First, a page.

Imagine a Washington, D.C. where Republicans came to work each day fired up with renewed passion and zeal. A Congress where energized Republicans legislated in bi-partisan fashion on behalf of the American people.
By Dave Levinthal May 2, 2013...
It's spring, the buds are sprouting, the sap is rising -- and political redemption is blooming anew. Two politicians forced to resign from office due to sex scandals are back in the game.
To say a politician has flip-flopped ties the politician to his changing position. Flip-flopping is an intentional action, an opportunistic one. Evolving evokes a metaphor external to the agency of a politician.
While this year's conference will certainly be quite the show, it will serve as even further confirmation that the Republican Party does not reflect our community's political values and that the Democratic Party is the true political home for American Jews.
The invisible hand of the market, which the GOP worships as an infallible god, is curled into a fist and is pounding America's lowest-paid workers.
A surprising number of critics caution that he's promising more than he, his party, and even government can deliver; others worry that he is making a tough road tougher -- both domestically and internationally -- for an already bedraggled America.
Kerry and Hagel (like Colin Powell) missed their historical moment. Had they opposed Bush's war they might have made a difference. Now perhaps they can use their cabinet posts to implement a policy or two of atonement.
As with many religions, political parties have a tendency to start as a movement, transform into a business, and finally degenerate into a racket designed to fleece the yokels. One organization which has gone out of its way to illustrate this evolution is the Republican Party.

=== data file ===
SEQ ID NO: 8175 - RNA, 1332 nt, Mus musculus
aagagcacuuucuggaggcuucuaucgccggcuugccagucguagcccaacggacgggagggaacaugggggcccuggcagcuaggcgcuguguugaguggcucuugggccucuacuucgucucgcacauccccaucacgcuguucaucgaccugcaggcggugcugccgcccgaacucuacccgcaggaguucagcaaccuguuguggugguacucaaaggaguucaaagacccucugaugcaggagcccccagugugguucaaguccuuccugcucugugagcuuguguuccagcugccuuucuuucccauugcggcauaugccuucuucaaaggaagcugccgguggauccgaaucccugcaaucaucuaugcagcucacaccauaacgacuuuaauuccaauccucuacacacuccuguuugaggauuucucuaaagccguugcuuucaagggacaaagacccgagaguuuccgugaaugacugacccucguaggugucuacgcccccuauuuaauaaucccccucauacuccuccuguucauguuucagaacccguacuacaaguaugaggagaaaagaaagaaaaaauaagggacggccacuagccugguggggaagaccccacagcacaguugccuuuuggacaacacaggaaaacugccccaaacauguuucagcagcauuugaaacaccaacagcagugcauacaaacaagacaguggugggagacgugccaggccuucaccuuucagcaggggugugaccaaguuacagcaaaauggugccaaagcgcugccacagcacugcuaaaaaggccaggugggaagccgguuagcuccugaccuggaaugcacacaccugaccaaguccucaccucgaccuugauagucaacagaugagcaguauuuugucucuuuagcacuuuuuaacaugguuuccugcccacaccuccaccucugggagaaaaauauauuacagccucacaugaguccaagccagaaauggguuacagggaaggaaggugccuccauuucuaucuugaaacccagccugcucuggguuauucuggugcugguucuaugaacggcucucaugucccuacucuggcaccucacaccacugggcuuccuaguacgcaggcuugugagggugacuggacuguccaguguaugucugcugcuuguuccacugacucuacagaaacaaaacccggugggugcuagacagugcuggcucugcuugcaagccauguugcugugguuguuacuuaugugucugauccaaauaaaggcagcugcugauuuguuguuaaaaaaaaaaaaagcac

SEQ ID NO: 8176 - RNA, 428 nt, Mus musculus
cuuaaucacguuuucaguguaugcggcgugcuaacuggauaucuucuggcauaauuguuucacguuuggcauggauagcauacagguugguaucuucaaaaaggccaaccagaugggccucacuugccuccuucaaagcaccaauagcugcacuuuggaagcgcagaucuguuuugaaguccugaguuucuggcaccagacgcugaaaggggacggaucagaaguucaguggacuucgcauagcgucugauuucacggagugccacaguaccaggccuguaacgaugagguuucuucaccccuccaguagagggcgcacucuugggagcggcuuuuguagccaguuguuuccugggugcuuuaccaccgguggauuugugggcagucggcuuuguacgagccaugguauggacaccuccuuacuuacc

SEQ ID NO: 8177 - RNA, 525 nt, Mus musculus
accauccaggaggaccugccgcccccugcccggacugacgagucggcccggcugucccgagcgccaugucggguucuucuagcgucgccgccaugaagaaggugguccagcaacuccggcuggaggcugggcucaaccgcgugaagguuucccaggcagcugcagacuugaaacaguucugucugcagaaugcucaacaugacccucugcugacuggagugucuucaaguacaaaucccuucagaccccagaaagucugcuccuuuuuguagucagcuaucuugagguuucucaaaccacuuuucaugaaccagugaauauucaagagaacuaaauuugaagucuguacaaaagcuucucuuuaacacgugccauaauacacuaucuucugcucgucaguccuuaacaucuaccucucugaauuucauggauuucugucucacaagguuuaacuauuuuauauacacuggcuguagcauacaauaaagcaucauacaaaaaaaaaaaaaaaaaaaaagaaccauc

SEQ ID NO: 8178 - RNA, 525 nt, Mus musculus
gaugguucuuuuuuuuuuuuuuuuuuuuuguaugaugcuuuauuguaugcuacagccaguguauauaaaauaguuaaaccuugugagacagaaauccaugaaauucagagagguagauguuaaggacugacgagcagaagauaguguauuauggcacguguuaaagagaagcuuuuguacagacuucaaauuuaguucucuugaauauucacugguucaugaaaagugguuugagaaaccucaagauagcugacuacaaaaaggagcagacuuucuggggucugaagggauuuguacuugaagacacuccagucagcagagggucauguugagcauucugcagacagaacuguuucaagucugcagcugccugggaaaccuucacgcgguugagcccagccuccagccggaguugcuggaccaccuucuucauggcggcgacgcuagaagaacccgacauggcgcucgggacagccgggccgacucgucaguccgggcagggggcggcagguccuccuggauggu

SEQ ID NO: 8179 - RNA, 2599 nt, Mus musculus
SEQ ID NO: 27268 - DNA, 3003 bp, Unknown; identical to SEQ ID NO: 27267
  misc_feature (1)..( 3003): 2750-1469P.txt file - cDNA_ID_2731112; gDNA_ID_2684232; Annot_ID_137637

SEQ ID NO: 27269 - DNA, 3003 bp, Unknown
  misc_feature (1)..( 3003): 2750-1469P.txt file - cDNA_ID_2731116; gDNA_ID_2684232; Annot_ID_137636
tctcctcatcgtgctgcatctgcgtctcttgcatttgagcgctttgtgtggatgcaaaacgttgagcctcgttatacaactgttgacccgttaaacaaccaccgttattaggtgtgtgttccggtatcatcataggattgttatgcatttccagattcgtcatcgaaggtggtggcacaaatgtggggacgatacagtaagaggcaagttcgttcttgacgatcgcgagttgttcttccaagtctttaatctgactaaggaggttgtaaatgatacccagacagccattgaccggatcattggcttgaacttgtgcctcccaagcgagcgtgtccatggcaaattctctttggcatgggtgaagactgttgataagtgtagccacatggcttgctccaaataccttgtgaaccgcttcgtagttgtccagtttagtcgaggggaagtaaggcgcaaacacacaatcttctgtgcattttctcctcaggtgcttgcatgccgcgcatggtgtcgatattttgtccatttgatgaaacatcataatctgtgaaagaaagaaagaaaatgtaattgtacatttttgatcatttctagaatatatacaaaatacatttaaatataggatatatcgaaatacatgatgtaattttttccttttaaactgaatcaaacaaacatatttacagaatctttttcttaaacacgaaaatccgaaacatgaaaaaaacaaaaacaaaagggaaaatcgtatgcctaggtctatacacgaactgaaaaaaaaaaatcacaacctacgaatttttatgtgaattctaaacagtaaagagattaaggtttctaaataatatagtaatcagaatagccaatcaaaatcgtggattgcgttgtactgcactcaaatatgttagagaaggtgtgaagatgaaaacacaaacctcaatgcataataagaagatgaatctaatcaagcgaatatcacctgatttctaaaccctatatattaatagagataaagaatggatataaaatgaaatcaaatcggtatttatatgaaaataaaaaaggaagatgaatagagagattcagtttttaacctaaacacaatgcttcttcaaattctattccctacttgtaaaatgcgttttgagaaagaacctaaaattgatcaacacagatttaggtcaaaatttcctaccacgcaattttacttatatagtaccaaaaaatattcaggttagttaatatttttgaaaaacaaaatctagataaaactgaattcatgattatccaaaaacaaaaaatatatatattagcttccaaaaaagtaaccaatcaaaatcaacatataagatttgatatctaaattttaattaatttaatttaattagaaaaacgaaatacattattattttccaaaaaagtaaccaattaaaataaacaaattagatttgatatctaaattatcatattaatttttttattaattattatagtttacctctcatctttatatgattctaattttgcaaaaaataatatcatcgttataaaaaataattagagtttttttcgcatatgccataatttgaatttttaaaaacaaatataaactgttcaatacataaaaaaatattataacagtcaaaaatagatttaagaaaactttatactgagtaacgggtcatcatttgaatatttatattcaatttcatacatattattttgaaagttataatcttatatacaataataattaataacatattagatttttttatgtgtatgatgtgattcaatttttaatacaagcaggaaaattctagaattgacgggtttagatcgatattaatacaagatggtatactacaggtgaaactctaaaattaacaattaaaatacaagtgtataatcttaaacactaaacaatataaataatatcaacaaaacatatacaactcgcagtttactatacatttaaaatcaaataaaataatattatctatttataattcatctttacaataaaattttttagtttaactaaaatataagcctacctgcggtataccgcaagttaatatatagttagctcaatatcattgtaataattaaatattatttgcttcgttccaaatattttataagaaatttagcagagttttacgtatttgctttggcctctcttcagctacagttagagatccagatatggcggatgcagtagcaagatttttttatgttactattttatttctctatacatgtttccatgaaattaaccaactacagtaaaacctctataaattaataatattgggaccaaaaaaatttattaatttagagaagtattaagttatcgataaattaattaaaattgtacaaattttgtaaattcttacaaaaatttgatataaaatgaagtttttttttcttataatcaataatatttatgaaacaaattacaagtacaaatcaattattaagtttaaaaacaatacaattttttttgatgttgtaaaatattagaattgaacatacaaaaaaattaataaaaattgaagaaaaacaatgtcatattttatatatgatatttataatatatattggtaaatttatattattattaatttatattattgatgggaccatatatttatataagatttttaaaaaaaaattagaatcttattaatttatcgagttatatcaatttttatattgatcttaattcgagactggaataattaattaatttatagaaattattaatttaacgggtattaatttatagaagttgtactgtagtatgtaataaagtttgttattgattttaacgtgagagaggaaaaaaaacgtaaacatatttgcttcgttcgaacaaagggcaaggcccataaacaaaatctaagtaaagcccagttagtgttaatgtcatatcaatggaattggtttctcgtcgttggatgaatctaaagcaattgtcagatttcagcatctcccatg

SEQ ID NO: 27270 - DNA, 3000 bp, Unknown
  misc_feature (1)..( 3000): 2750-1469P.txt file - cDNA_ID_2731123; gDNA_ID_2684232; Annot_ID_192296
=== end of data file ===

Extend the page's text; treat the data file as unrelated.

By using a loophole in the tax code, some individuals have organized their businesses in such a way that their earnings, what you and I would call "wages," can technically be called "profits" and therefore are not subject to Medicare tax.
Recovery will not be easy, and will likely follow the famous five steps Kubler-Ross describe in the aftermath of a death in the family: denial, anger, bargaining, depression, acceptance. Republicans are stuck on stage one, denial, and can't move forward.
While Newt Gingrich represents much that has been wrong with the Republican party for the last 20 years -- and is as responsible as anyone for the extreme partisanship in Washington today -- he has clearly learned some lessons from the past.
Faced with a choice between the path of reason and the road to ruin, Republicans cling to ruin rather than adapt. That is the difference between ideas and talking points. Ideas evolve with new information, while talking points are static.
For pretty much my whole adult life there have been very few political issues on which my brother and I agree. But in an interview that The Huffington Post did with my brother, there were actually multiple items that had me nodding my head when usually it would be shaking in exasperation.
President Obama and the Democrats' willingness to accept cuts to Social Security in the form of the gimmicky "chained CPI" right after an election where no candidate for federal office campaigned on it shows that the Right's long-term project of undoing the New Deal marches on despite the electorate's wishes.
No Democratic president has ever cut Social Security. We shouldn't start now. Mr. President, I hope you change your mind, toughen up your bargaining position, and wait the Republicans out.